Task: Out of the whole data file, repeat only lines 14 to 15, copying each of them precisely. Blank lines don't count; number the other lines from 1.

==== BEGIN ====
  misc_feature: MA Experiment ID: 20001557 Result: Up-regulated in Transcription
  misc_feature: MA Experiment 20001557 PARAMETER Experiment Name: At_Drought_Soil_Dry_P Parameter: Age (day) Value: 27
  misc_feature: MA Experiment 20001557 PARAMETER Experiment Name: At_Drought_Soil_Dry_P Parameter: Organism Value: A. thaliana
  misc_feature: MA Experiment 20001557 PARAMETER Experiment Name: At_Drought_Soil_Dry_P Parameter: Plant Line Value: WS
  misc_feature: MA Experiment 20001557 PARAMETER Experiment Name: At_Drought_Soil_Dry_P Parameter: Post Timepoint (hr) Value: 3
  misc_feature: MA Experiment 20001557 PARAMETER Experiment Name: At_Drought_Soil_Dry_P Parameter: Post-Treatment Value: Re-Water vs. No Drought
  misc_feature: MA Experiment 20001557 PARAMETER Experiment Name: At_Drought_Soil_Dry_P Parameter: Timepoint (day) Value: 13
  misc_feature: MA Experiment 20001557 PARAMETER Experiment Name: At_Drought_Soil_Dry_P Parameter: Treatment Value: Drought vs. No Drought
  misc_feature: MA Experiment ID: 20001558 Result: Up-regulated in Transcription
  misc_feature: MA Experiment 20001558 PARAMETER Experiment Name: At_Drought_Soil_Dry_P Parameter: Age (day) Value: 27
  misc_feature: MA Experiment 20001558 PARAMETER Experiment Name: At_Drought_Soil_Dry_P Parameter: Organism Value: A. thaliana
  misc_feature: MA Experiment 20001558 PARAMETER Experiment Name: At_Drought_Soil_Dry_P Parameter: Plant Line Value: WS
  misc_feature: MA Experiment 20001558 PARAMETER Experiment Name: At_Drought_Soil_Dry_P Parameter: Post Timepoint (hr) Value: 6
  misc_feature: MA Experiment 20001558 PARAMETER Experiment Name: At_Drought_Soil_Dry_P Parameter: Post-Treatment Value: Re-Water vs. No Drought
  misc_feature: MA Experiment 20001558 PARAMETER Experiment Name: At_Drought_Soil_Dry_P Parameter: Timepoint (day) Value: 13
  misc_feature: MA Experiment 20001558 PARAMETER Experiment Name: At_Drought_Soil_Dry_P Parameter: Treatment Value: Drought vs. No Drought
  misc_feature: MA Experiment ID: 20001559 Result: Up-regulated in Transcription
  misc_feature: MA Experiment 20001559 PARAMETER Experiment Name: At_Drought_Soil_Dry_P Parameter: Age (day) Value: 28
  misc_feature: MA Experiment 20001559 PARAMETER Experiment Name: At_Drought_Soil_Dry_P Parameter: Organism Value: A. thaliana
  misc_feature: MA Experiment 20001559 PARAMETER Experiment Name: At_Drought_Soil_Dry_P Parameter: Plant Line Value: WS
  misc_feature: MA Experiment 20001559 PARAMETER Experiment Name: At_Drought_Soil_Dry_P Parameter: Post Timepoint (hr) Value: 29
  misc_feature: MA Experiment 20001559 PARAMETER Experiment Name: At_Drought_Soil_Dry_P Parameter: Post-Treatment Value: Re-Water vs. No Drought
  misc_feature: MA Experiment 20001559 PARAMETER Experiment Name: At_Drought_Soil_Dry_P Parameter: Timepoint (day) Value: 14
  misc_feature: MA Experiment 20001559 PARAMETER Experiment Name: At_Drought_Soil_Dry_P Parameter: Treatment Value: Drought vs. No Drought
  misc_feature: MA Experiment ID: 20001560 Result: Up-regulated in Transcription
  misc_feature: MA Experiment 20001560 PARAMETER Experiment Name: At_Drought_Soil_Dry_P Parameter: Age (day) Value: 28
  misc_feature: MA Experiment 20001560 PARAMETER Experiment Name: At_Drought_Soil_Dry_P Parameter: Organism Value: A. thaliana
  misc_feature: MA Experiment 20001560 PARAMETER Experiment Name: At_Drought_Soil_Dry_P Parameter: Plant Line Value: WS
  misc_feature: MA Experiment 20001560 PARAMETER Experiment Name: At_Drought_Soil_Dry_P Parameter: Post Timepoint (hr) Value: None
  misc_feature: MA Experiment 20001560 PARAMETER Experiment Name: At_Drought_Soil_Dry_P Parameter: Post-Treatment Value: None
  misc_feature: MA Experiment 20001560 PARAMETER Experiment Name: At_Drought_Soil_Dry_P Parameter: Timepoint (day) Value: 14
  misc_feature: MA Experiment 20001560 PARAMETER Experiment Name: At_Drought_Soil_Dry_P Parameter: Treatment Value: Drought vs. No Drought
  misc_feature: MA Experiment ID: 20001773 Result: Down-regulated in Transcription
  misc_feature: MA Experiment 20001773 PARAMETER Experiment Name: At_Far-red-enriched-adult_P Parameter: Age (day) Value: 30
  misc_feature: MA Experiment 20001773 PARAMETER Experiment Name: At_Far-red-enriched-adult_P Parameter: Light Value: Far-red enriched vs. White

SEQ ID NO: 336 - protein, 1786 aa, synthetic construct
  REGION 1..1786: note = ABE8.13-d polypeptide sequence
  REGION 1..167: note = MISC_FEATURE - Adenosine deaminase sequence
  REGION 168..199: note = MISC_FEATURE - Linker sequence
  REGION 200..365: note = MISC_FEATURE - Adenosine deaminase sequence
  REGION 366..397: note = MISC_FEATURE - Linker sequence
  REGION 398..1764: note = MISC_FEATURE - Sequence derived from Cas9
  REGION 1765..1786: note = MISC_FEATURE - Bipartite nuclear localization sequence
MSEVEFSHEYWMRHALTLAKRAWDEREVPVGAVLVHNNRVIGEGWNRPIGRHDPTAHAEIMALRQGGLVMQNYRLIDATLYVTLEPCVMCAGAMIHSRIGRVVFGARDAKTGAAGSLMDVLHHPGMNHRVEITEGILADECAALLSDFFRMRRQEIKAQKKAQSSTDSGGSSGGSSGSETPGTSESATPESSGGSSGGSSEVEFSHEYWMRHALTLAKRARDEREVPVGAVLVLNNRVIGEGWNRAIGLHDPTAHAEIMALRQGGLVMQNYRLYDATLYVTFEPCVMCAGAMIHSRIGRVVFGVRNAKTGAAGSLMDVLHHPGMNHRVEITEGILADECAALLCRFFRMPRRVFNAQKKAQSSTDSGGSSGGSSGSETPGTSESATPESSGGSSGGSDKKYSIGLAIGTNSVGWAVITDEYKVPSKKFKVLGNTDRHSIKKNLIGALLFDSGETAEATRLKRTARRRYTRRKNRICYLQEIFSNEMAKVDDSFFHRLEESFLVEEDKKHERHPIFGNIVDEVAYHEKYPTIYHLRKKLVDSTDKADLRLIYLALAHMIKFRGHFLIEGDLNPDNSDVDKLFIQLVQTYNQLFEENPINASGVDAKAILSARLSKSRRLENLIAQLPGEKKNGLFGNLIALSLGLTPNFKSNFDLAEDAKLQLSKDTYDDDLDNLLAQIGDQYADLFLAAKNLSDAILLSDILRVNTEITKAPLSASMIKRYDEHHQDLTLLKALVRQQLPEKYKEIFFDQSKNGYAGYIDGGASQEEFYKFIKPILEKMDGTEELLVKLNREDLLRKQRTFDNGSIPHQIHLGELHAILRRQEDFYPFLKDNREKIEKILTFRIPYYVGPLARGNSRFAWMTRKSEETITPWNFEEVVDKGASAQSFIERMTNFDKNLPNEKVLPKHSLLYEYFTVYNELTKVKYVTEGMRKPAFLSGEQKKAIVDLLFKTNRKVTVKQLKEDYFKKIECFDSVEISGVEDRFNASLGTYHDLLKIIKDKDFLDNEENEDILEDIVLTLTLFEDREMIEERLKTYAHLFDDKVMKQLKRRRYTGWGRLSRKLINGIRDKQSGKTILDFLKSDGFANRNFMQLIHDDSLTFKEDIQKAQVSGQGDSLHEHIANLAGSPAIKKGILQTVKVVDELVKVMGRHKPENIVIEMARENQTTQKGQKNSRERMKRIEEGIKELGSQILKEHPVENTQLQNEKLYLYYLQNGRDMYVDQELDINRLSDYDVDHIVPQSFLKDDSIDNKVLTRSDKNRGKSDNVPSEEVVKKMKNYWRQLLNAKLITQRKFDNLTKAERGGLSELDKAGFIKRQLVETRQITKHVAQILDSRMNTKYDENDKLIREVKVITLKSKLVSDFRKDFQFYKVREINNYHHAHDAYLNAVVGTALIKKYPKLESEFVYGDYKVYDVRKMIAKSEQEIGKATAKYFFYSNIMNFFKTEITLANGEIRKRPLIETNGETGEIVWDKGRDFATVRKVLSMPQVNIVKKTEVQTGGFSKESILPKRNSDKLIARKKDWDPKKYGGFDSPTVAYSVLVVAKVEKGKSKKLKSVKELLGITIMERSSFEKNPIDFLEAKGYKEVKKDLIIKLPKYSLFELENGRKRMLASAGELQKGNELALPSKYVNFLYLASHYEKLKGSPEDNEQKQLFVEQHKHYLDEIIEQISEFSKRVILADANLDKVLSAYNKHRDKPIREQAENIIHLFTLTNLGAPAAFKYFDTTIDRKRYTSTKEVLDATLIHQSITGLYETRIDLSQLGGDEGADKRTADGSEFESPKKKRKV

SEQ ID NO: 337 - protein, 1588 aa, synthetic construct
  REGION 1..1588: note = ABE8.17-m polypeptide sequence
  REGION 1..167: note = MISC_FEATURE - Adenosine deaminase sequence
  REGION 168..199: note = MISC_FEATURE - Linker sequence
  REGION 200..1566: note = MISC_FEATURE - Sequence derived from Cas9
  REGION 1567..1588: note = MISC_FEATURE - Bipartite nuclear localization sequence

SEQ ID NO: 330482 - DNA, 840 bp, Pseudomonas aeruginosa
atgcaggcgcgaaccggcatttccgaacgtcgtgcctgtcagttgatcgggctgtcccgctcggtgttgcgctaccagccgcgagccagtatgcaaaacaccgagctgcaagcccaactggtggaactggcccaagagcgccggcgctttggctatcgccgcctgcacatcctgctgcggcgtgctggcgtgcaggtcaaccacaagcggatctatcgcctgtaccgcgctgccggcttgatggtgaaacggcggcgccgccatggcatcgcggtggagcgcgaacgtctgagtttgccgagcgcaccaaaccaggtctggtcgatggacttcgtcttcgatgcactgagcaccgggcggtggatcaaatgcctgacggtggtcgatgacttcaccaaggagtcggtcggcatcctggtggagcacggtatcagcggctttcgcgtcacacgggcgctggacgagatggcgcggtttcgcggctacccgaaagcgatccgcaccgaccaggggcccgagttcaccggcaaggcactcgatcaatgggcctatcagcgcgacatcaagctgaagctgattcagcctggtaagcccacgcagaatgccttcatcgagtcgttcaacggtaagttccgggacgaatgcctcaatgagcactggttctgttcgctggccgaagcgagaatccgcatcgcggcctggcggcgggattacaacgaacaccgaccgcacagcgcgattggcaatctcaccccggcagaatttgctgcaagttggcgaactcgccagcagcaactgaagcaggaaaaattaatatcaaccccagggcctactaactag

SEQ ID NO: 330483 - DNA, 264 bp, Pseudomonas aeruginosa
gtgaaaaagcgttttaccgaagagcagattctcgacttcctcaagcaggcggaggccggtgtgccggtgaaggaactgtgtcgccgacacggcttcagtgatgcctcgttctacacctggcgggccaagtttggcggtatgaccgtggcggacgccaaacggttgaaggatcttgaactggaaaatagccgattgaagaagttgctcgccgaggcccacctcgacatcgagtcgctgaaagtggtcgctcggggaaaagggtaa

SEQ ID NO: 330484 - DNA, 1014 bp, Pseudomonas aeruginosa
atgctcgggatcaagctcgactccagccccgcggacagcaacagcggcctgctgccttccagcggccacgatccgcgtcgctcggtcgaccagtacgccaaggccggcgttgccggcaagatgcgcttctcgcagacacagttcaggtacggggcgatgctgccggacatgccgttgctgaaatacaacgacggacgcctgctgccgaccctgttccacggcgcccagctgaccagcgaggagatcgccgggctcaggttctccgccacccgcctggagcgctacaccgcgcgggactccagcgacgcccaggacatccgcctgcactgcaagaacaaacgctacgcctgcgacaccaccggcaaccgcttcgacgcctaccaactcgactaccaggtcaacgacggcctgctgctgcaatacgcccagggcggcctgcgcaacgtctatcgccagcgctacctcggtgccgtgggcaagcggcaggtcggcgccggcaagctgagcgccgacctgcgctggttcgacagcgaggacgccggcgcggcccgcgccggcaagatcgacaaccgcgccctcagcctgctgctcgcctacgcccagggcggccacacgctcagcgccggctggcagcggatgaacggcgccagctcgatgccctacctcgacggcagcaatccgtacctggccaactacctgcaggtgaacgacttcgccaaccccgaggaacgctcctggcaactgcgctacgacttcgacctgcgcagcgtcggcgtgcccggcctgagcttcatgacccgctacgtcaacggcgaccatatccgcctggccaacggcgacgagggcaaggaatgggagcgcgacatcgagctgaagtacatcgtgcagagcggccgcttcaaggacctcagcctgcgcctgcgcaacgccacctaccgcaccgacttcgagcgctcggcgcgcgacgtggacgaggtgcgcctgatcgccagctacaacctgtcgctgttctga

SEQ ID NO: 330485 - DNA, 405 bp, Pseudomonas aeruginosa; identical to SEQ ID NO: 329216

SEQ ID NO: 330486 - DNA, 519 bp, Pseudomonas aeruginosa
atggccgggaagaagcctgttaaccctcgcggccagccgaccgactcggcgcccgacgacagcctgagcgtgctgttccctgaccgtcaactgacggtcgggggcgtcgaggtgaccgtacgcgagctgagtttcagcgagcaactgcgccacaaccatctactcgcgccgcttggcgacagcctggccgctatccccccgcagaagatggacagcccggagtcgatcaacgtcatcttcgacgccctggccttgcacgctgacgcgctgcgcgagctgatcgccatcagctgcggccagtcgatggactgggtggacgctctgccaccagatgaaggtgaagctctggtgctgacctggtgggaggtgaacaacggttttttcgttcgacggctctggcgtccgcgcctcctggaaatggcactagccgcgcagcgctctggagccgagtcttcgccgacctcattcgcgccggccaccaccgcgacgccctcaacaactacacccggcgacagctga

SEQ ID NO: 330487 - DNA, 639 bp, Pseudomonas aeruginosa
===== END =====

  misc_feature: MA Experiment 20001558 PARAMETER Experiment Name: At_Drought_Soil_Dry_P Parameter: Post-Treatment Value: Re-Water vs. No Drought
  misc_feature: MA Experiment 20001558 PARAMETER Experiment Name: At_Drought_Soil_Dry_P Parameter: Timepoint (day) Value: 13